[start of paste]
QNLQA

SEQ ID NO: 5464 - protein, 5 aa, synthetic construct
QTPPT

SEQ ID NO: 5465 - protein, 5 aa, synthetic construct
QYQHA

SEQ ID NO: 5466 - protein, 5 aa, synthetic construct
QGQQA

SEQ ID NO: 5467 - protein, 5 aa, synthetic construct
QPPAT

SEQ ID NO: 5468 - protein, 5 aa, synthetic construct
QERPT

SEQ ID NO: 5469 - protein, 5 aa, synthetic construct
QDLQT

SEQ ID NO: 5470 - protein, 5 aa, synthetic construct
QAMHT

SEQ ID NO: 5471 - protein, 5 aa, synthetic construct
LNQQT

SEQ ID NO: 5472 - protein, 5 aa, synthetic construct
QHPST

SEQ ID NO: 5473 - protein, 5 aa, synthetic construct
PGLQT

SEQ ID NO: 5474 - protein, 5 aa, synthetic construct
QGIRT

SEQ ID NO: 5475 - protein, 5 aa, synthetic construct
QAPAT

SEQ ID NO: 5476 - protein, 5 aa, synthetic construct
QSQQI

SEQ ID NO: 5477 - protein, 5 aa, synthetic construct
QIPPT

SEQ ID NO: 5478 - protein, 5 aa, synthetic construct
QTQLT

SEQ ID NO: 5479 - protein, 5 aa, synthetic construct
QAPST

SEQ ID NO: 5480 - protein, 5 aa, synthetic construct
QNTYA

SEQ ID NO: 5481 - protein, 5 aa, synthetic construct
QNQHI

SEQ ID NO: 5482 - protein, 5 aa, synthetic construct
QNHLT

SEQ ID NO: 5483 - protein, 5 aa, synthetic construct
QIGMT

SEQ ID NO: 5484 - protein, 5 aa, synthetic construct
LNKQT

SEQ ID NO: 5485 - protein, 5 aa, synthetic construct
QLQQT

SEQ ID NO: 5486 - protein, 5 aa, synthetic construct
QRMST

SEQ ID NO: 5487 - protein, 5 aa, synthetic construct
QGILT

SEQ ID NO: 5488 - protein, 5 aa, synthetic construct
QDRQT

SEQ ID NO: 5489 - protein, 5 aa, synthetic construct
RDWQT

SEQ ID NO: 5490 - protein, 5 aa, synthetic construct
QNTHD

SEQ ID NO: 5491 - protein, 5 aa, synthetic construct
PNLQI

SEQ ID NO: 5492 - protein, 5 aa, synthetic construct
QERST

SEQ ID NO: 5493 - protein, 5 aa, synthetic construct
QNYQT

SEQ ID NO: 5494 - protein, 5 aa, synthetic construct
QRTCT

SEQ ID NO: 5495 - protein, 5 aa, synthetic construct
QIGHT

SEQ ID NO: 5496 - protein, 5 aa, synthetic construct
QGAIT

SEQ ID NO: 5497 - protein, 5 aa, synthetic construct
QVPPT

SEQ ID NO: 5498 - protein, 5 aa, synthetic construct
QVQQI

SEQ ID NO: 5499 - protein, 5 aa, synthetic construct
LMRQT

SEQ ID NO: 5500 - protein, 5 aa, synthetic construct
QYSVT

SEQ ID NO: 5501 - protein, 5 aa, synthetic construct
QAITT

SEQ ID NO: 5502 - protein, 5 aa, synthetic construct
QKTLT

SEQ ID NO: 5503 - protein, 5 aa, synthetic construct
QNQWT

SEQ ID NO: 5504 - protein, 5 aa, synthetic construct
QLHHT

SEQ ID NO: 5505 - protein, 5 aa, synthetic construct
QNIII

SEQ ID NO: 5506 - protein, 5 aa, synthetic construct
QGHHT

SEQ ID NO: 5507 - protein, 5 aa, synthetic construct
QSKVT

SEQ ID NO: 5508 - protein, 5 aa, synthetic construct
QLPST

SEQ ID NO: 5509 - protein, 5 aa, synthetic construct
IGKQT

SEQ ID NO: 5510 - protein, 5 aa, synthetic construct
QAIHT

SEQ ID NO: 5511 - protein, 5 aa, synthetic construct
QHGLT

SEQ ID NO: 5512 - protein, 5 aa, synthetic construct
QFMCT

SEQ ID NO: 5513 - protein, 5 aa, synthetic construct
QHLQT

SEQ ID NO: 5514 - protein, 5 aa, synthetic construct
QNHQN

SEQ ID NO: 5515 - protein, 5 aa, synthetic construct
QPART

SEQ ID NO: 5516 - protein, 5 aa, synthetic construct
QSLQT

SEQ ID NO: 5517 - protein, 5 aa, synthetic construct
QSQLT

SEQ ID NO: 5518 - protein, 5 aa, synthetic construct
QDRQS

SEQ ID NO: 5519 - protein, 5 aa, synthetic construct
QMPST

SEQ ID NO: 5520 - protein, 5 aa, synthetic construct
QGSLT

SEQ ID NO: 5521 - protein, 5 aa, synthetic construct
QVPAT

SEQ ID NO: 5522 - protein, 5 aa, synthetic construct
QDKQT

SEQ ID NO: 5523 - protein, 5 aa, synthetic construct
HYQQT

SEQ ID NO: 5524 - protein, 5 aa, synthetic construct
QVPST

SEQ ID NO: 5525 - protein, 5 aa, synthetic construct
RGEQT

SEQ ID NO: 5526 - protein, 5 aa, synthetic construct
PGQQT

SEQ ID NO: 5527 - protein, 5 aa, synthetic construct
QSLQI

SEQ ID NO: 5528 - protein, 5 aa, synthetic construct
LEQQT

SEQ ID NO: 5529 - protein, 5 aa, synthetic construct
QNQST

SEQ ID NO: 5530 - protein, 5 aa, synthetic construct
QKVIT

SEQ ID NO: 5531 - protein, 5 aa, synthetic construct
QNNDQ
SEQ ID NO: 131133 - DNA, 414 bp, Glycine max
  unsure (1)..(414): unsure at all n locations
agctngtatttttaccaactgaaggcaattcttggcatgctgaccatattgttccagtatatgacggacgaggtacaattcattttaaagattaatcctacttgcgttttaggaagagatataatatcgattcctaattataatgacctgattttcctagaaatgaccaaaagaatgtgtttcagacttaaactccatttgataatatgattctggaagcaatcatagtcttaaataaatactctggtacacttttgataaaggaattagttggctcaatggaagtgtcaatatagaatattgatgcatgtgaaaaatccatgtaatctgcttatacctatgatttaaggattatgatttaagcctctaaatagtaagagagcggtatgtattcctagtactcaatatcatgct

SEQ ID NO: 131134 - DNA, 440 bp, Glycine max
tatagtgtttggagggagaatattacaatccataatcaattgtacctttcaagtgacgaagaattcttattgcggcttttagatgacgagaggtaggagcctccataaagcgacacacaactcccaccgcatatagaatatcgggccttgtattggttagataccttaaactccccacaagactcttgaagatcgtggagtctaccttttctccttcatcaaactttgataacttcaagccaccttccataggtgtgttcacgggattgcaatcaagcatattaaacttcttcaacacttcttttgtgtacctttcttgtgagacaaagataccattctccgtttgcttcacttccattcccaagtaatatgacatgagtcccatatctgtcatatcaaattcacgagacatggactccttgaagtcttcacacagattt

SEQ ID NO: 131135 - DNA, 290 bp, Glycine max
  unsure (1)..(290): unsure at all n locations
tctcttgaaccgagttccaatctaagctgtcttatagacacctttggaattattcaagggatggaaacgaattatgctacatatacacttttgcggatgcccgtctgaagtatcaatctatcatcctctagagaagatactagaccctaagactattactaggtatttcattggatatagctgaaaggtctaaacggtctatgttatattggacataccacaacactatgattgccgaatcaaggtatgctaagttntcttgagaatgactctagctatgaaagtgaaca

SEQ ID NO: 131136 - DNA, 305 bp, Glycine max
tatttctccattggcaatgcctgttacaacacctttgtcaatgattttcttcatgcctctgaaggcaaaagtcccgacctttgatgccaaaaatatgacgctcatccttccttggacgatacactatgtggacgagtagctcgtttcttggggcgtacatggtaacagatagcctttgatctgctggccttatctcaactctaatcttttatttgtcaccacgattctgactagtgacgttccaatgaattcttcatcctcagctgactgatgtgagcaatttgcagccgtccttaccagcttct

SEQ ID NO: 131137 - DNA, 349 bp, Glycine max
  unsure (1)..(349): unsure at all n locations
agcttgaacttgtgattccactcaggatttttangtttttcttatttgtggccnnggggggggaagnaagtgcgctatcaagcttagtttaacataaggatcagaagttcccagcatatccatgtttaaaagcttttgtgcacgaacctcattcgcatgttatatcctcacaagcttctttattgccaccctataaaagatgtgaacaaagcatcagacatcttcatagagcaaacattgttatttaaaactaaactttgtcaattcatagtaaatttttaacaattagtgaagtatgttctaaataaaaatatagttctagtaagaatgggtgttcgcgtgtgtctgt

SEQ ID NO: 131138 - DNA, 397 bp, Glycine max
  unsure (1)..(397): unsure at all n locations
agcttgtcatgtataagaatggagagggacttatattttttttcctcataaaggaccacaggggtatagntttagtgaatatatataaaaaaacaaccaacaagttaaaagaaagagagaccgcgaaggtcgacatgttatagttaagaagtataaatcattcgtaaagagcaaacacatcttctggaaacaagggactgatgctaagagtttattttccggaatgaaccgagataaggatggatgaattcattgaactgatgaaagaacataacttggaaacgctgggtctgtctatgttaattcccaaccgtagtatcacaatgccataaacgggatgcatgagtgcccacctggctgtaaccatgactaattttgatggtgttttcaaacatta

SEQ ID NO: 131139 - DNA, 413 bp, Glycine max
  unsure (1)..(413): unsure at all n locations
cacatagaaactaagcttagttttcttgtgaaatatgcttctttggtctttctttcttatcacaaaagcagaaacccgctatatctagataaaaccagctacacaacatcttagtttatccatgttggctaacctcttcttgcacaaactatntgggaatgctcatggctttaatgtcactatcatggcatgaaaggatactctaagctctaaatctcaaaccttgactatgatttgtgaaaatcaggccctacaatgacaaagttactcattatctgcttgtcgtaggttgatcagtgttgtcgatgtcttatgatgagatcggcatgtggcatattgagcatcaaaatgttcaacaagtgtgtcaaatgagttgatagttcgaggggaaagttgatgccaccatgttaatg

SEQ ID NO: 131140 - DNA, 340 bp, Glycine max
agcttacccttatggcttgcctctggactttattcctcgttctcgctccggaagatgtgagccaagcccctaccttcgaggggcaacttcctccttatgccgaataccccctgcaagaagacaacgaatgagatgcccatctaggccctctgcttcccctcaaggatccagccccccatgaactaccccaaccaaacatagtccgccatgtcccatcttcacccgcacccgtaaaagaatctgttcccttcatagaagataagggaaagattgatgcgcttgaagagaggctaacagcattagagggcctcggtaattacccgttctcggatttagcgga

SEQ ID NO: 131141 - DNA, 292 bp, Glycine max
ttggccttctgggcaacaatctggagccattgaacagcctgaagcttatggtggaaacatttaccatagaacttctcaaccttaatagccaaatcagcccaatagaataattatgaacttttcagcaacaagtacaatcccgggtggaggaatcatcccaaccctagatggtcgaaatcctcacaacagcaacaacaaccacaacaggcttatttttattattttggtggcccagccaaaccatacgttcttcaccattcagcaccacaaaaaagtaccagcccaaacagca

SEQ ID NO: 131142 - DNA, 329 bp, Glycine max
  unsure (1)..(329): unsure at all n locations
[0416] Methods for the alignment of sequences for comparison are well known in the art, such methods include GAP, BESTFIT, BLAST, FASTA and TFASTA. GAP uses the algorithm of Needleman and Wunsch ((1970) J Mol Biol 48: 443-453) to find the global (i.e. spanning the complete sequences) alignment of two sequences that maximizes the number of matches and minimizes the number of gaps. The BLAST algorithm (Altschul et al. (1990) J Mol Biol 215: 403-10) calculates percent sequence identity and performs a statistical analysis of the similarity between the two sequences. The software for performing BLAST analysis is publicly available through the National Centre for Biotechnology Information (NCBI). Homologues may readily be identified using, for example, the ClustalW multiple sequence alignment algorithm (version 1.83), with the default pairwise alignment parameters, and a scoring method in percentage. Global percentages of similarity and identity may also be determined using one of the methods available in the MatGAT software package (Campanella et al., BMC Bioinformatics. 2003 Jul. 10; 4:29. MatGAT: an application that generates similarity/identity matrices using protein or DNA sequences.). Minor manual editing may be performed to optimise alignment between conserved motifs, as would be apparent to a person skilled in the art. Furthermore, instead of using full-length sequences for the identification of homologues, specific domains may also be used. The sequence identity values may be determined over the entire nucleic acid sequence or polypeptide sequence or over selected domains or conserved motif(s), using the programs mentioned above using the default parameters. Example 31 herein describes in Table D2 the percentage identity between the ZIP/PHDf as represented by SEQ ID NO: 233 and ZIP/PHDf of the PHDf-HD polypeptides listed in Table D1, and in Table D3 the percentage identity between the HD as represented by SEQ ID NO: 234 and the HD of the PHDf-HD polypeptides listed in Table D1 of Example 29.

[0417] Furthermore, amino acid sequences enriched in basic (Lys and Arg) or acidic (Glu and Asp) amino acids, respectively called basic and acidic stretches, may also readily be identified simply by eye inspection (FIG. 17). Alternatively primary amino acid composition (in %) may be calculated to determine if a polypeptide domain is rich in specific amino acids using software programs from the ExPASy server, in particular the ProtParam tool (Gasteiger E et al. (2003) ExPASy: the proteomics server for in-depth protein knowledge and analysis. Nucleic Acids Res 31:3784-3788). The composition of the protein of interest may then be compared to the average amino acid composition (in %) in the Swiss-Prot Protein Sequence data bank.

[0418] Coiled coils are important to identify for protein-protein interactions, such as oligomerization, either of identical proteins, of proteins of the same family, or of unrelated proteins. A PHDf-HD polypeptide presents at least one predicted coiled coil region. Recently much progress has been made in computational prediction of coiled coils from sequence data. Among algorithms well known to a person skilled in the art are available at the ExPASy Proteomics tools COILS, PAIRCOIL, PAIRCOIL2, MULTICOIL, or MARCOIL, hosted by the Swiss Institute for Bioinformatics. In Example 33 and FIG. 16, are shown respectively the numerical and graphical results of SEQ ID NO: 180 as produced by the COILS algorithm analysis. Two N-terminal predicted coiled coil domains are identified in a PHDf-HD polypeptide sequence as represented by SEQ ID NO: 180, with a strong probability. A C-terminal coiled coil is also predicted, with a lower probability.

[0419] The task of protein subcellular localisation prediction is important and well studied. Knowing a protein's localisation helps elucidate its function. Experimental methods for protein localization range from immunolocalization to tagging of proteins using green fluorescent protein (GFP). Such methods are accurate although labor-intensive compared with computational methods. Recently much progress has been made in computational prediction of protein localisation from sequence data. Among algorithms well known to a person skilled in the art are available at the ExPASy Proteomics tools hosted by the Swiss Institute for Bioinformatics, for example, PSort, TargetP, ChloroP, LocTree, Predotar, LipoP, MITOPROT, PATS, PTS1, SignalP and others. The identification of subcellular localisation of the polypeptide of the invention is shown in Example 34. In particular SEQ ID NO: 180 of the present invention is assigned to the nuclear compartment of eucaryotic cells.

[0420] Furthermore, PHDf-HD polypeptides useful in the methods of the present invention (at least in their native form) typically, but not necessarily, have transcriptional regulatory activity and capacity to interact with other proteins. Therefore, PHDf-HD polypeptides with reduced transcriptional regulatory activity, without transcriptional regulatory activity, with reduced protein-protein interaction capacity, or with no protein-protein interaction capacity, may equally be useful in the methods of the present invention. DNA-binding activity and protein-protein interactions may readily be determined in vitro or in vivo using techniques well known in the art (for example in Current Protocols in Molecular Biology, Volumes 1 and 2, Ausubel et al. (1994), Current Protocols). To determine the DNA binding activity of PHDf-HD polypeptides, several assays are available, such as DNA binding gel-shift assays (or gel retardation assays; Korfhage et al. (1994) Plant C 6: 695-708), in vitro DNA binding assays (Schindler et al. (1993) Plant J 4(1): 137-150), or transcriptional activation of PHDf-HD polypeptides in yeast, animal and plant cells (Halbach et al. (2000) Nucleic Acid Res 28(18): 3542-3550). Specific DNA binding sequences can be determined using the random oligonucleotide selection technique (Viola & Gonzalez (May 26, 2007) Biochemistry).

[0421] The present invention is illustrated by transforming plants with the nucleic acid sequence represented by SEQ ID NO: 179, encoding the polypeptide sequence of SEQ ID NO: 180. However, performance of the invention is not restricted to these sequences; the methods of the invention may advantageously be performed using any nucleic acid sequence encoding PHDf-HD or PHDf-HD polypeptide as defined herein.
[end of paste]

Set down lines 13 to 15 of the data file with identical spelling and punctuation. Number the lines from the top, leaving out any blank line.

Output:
QDLQT

SEQ ID NO: 5470 - protein, 5 aa, synthetic construct
QAMHT